because one thing changed. It's unlikely one magic solution will solve
Why do we send our children to school? In the most practical sense,
we want to prepare them for earning a good living and leading productive
lives. There is a direct connection between a good education and a good
job. Remember, all students have one thing in common: They eventually
go to work. But often, our schools operate in a vacuum, far removed
from the real world.
I've heard many business people express frustration with the challenge
of finding the quality employees they need. That frustration threatens
to cause those businesses to flee Illinois
-- and take the jobs with them. We cannot allow that to happen.
There is no reason why we can't bridge what we are teaching in our schools
to employers' needs. But it's going to require a great deal of cooperation
and an ongoing dialogue among educators, parents, higher education and
That dialogue got a boost with the first public meeting of the Illinois
Education Excellence Task Force on July 26. The task force was formed
in mid-May by the Illinois State Board of Education at the urging of
Gov. Blagojevich, who understands that by addressing this challenge
we will be making Illinois much stronger. I am honored to serve as the task force
chairman. Its other members are Georgia Costello, Sherry Eagle, Max
McGee, Lou Mervis, Glenn Poshard and Patrick Welch.
One purpose of the task force, as I see it, is to establish an ongoing
dialogue about fresh ideas, specific needs and specific proposals to
help us to achieve the ultimate goal of an educated, productive and
gainfully employed Illinois work force -- from blue-collar workers to white-collar
Illinois is well positioned to reach this goal.
Blagojevich has already expanded preschool, provided updated rigorous
standards for high school graduation, provided billions more dollars
to support schools, and reconstituted the Illinois Board of Education
and made it focus on assisting our schools and making them better. The
governor made the excellent choice of Jesse Ruiz to chair the State
Board, and Ruiz and his colleagues have already accomplished a great
deal. The new board has eliminated the backlog of teacher certifications;
cut unnecessary rules and regulations, and fixed the School Report Card
to make it easier for parents to understand. Combine these positives
with the good work taking place in Chicago Public Schools and other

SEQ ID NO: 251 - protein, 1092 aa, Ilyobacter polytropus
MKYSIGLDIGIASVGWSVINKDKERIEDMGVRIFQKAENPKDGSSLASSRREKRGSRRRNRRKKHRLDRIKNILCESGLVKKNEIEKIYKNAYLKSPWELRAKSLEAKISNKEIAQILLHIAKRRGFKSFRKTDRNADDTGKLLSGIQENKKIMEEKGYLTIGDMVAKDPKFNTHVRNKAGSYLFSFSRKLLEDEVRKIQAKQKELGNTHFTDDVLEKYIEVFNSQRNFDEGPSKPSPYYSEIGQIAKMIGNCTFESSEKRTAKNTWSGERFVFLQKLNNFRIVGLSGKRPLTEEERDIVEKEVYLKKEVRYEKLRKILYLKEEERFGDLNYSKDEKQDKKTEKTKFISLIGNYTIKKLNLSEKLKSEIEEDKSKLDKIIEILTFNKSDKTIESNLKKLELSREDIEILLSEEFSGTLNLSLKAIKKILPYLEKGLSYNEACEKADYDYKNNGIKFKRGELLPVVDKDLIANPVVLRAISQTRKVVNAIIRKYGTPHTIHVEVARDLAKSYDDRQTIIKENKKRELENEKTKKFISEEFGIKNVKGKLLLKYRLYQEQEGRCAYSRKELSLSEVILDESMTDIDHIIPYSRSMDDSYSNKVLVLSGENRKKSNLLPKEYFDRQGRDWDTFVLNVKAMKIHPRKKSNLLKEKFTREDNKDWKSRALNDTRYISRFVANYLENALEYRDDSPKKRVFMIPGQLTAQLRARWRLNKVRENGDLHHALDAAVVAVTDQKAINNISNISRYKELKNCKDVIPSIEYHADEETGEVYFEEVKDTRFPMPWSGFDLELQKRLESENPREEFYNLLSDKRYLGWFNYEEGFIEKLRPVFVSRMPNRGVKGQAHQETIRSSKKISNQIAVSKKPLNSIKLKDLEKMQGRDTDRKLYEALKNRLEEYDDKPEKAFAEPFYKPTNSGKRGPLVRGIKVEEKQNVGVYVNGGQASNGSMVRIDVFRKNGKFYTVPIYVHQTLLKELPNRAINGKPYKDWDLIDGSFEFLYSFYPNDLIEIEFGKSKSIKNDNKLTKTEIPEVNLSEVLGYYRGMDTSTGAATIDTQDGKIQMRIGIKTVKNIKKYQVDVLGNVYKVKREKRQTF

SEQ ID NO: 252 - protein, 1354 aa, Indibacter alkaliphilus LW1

hardworking districts across the state and, well, you get the picture.
We also have some of the best and brightest leaders and teachers in
our universities and schools. Finally, Illinois is without doubt home to many world-class employers.
And we are fortunate to have them.
A well-educated and well-prepared work force will go a long way toward
retaining and attracting more major employers. Good jobs lead to successful
communities. And that's good for all of us.
Clearly, we can't bring business and education together with one task
force or any one group or person. But we're started by enabling a dialogue
that will lay the groundwork that will get us there. In addition to
those natural constituencies in education, we invited the business community
to explain their needs and expectations. Then we must see what we can
do to meet them. In my experience, business has been a force for positive
change in education for decades, and educators should work even more
Our task force will surely help bring about a closer relationship between
business and education, first through dialogue, and then by developing
an action agenda. Ultimately, all of our students will be better prepared
to join the workplace. But it will only happen if we are all on the
It'll be a win-win-win-win when everyone's needs are being met. In future
columns, I'll let you know what we're learning and what we accomplish.
Gery Chico is senior partner at the law firm of Chico and Nunes and former president of the Chicago Board
SPRINGFIELD, Ill. - An investment company doing business with the state
teacher pension fund is scheduled to appear before the fund's board
of trustees this week to answer questions about fees it paid to the